Nature

Lone Star State Wildlife Photos [Infographic] and Facts

If you travel to Texas then you can view many types of wildlife like:

Green jay

 

 

Texas rainbow cactus

 

 

spinyfruit pricklypear

 

bronzed cowbird

Endangered wildlife species in Texas

  1. Whooping Crane (Grus americana): The whooping crane is one of North America’s most endangered birds. This large, white crane breeds in the wetlands of Canada and migrates to the Gulf Coast of Texas for the winter. Threats to the species include habitat loss, climate change, and collisions with power lines.
  2. Attwater’s Prairie Chicken (Tympanuchus cupido attwateri): This small, ground-dwelling bird is native to the coastal prairie of Texas and Louisiana. The species has faced severe population declines due to habitat loss from urbanization, agriculture, and the invasion of non-native plant species.
  3. Houston Toad (Anaxyrus houstonensis): The Houston toad is an endangered amphibian found only in a few counties in southeastern Texas. Habitat loss and fragmentation, drought, and disease have contributed to the decline of this species.
  4. Ocelot (Leopardus pardalis): The ocelot is a small, nocturnal wildcat native to parts of Texas and Mexico. Habitat loss, vehicle collisions, and illegal hunting have led to a significant decline in the ocelot’s population.
  5. Red Wolf (Canis rufus): Once common throughout the southeastern United States, the red wolf is now one of the world’s most endangered canids. Habitat loss, persecution, and hybridization with coyotes have contributed to the species’ decline.
  6. Black-capped Vireo (Vireo atricapilla): This small songbird inhabits shrublands in central and western Texas, as well as parts of Oklahoma and Mexico. The black-capped vireo has faced threats from habitat loss, nest parasitism by brown-headed cowbirds, and pesticide exposure.
  7. Texas Blind Salamander (Eurycea rathbuni): This unique, eyeless salamander is found only in the underground waters of the Edwards Aquifer in Hays County, Texas. The species is threatened by water pollution, habitat loss, and groundwater depletion.

 

 

swallowtail butterfly

 

 

horned lizard

 

 

Roadrunner

 

 

Northern Cardinal

 

 

brown tarantula

 

 

rattlesnake

 

 

 

Checkered Garter Snake

 

 

Cottontail rabbit

 

 

Male Golden-fronted Woodpecker

 

 

Harris  Hawk

 

 

Pyrrhuloxias

 

 

Axis Deer Chital Buck

 

 

wild turkey

 

 

Blue crab

 

 

Whitetail deer

If you find a wild animal do not feed it because they are not pets and you may do them harm.

Infographic

During my time in the vast and varied landscapes of Texas, I found myself face to face with the untamed heart of nature in the form of its wild residents. Each encounter left me with a profound sense of respect for the creatures that call this place home.

One unforgettable experience happened while I was exploring the sprawling terrain of the Lone Star State, which is a haven for biodiversity due to its size and range of ecosystems. As I hiked through one of the many state parks, I stumbled upon a group of white-tailed deer. The deer, with their statuesque frames reaching up to 3.5 feet at the shoulder and weighing up to 150 pounds, moved with an elegant grace that captivated me. Their cautious eyes watched me as they nibbled on the brush, and I felt an intrinsic connection, a mutual understanding as we shared a moment in time.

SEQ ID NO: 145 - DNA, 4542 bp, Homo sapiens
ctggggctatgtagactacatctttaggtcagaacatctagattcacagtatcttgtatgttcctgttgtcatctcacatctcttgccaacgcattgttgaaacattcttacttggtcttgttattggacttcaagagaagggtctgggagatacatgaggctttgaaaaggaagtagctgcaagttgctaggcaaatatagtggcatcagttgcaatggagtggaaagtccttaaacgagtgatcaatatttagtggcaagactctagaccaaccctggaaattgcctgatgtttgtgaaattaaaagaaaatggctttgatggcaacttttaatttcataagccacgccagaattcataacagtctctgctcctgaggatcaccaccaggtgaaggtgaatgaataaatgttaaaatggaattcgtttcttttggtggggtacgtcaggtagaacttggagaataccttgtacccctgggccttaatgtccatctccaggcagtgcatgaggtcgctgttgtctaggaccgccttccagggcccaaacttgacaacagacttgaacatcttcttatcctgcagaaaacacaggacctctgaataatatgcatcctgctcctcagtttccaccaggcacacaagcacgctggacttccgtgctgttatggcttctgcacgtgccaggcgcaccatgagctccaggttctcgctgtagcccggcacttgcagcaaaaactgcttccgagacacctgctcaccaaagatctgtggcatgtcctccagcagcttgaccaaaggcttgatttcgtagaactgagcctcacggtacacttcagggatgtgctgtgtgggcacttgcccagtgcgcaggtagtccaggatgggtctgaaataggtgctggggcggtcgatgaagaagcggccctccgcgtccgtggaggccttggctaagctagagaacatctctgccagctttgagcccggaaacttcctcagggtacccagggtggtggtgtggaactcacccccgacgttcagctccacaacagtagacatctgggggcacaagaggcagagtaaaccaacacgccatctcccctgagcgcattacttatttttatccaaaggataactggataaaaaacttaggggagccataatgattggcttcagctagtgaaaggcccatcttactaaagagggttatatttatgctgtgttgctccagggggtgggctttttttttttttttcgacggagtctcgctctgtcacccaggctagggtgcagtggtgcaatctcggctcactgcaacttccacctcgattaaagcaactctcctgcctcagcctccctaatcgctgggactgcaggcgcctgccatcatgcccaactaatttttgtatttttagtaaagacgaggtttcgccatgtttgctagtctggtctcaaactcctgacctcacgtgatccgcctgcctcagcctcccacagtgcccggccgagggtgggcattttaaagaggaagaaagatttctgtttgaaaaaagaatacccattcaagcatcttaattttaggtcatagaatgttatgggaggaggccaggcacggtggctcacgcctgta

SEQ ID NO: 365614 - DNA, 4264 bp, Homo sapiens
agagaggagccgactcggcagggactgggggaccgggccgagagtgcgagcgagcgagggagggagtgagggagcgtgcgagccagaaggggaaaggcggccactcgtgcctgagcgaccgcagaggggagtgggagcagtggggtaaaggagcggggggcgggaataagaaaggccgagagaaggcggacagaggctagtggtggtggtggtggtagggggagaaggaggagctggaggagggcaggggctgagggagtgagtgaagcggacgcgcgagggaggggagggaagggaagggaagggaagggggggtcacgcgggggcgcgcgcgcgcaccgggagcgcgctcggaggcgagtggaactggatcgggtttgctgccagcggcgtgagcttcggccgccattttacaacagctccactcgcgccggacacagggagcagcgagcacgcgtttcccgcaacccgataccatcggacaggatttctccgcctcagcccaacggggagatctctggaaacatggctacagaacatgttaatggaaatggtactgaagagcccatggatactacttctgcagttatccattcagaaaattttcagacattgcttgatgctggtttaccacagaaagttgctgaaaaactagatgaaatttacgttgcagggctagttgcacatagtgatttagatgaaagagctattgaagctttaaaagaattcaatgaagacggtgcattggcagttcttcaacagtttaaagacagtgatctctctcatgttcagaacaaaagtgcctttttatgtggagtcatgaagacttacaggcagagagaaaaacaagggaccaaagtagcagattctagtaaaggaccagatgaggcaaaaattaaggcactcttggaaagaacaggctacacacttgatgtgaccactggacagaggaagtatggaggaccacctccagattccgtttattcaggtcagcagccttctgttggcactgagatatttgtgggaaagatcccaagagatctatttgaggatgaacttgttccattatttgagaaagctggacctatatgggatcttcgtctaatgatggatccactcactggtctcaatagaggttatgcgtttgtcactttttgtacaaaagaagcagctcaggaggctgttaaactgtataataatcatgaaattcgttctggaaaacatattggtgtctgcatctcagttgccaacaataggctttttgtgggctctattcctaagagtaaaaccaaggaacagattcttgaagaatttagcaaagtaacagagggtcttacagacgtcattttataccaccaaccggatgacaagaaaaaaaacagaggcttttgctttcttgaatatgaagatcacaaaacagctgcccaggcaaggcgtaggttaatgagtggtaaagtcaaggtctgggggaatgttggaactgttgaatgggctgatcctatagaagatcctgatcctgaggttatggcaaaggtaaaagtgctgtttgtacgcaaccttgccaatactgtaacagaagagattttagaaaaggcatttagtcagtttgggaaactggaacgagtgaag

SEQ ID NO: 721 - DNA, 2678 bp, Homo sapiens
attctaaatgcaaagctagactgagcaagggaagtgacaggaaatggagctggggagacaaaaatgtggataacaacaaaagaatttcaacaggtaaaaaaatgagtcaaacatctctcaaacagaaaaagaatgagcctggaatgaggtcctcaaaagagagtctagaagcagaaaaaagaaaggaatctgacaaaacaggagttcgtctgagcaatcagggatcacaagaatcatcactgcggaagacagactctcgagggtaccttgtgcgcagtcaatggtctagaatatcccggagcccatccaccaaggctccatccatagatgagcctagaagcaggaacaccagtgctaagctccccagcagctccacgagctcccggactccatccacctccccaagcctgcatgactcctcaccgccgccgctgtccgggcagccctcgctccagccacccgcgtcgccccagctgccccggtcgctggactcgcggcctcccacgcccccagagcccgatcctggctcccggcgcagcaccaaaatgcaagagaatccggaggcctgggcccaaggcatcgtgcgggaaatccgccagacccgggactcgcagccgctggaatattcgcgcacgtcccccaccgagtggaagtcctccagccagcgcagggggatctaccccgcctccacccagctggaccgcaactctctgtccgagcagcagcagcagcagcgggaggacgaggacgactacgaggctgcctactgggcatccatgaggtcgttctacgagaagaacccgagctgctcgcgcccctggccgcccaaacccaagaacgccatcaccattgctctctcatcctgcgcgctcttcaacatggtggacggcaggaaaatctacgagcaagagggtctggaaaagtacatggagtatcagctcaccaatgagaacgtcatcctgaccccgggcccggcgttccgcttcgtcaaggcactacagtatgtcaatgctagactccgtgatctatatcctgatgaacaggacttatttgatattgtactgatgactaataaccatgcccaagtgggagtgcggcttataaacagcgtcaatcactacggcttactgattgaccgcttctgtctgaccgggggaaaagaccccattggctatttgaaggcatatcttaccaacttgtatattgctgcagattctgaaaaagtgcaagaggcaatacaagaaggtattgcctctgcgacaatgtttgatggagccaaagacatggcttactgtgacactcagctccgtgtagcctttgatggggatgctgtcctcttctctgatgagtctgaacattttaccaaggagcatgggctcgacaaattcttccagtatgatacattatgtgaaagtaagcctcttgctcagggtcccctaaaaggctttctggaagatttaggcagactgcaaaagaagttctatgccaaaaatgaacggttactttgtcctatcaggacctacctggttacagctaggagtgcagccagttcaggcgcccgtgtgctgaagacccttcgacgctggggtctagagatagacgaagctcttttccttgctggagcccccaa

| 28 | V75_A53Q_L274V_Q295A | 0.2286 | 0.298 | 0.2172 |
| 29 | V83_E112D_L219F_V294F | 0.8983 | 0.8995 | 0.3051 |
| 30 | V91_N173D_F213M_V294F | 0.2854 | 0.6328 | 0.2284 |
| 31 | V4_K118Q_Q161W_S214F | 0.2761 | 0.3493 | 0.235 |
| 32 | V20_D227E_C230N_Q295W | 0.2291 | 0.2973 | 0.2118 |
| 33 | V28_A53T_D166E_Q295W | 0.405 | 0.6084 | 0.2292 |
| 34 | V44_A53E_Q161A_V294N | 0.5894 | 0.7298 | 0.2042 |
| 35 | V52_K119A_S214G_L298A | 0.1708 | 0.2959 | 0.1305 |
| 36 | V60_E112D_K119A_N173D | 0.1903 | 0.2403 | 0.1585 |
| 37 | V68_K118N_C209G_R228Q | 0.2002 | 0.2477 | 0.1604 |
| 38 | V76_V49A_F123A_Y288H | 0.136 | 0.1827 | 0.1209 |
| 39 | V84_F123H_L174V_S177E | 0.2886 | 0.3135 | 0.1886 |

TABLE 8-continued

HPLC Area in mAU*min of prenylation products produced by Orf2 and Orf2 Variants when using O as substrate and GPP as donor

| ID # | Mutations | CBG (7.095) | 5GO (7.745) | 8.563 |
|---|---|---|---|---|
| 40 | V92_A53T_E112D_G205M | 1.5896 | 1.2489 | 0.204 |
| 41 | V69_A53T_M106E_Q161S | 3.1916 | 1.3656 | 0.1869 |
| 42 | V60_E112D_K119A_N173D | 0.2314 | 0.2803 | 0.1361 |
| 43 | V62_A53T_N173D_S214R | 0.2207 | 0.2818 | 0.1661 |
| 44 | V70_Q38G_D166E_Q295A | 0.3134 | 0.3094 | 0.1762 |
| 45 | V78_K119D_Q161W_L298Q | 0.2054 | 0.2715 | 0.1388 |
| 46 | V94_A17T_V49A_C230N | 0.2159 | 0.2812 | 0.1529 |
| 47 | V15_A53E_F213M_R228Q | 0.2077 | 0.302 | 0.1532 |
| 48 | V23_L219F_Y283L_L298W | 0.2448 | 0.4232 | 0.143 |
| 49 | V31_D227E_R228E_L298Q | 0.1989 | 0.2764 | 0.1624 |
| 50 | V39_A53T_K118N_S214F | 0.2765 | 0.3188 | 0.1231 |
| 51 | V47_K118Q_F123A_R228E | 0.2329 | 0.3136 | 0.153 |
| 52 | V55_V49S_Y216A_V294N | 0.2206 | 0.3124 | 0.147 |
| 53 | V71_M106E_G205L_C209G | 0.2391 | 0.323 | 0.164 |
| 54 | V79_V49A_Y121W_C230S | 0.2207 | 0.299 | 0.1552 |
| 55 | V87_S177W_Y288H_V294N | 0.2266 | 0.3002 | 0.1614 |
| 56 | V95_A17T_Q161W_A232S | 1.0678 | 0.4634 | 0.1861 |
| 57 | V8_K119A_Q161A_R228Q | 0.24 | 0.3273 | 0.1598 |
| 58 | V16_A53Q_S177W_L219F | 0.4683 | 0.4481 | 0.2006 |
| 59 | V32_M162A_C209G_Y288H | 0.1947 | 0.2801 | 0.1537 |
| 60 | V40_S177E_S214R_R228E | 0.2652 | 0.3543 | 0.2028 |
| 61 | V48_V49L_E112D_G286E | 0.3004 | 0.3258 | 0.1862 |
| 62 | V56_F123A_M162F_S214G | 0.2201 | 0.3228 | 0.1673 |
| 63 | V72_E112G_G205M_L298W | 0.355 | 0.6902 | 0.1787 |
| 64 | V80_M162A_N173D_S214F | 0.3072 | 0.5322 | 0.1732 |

In the more arid regions, I was lucky enough to spot a roadrunner, the state bird of Texas. This quirky bird, about 2 feet in length from beak to tail and weighing around 2 pounds, darted across my path with incredible speed, its long legs blurring as it ran. Its distinctive crest and tail feathers stood out against the sparse landscape, and I chuckled, half-expecting to see an animated coyote in hot pursuit, just like in the cartoons of my childhood.

But not all of Texas’s wildlife was as easy to spot. I learned to look carefully for the Texas horned lizard, a master of camouflage with its spiky appearance blending seamlessly into the rough terrain. This small reptile, often no more than 5 inches long, was a rare sight indeed, and spotting one felt like finding hidden treasure.

One of the most exhilarating encounters occurred while I was near a riverbank, where I observed a North American alligator basking in the sun. The alligator, an ancient species that has remained largely unchanged for millions of years, was an impressive specimen, easily 10 feet long and weighing upwards of 300 pounds. I kept a respectful distance, aware of the power and agility these creatures possess despite their often lethargic appearance.

As twilight approached, I set up camp under the expansive Texas sky, which was beginning to fill with stars. The sounds of the nocturnal wildlife began to emerge: the hoot of an owl, the rustle of a small mammal in the underbrush, and the distant howl of a coyote.

 

Wildlife that you can see in the lone star state:

  1. American black bear
  2. White-tailed deer
  3. Coyote
  4. Gray fox
  5. Red fox
  6. Bobcat
  7. Mountain lion
  8. Raccoon
  9. Nine-banded armadillo
  10. Opossum
  11. Mexican free-tailed bat
  12. Spotted skunk
  13. Striped skunk
  14. Gray squirrel
  15. Flying squirrel
  16. Beaver
  17. Muskrat
  18. Nutria
  19. Texas horned lizard
  20. Rattlesnake
  21. Copperhead snake
  22. Water moccasin
  23. Alligator
  24. Green sea turtle
  25. Kemp’s ridley sea turtle
  26. Loggerhead sea turtle
  27. Brown pelican
  28. American white pelican
  29. Great blue heron
  30. Sandhill crane
  31. Wild turkey
  32. Mourning dove
  33. Northern bobwhite quail
  34. Cooper’s hawk
  35. Red-tailed hawk
  36. American kestrel
  37. Bald eagle
  38. Osprey
  39. Roseate spoonbill
  40. Painted bunting
  41. Western diamondback rattlesnake
  42. Texas coral snake
  43. Armadillo lizard
  44. Texas spiny lizard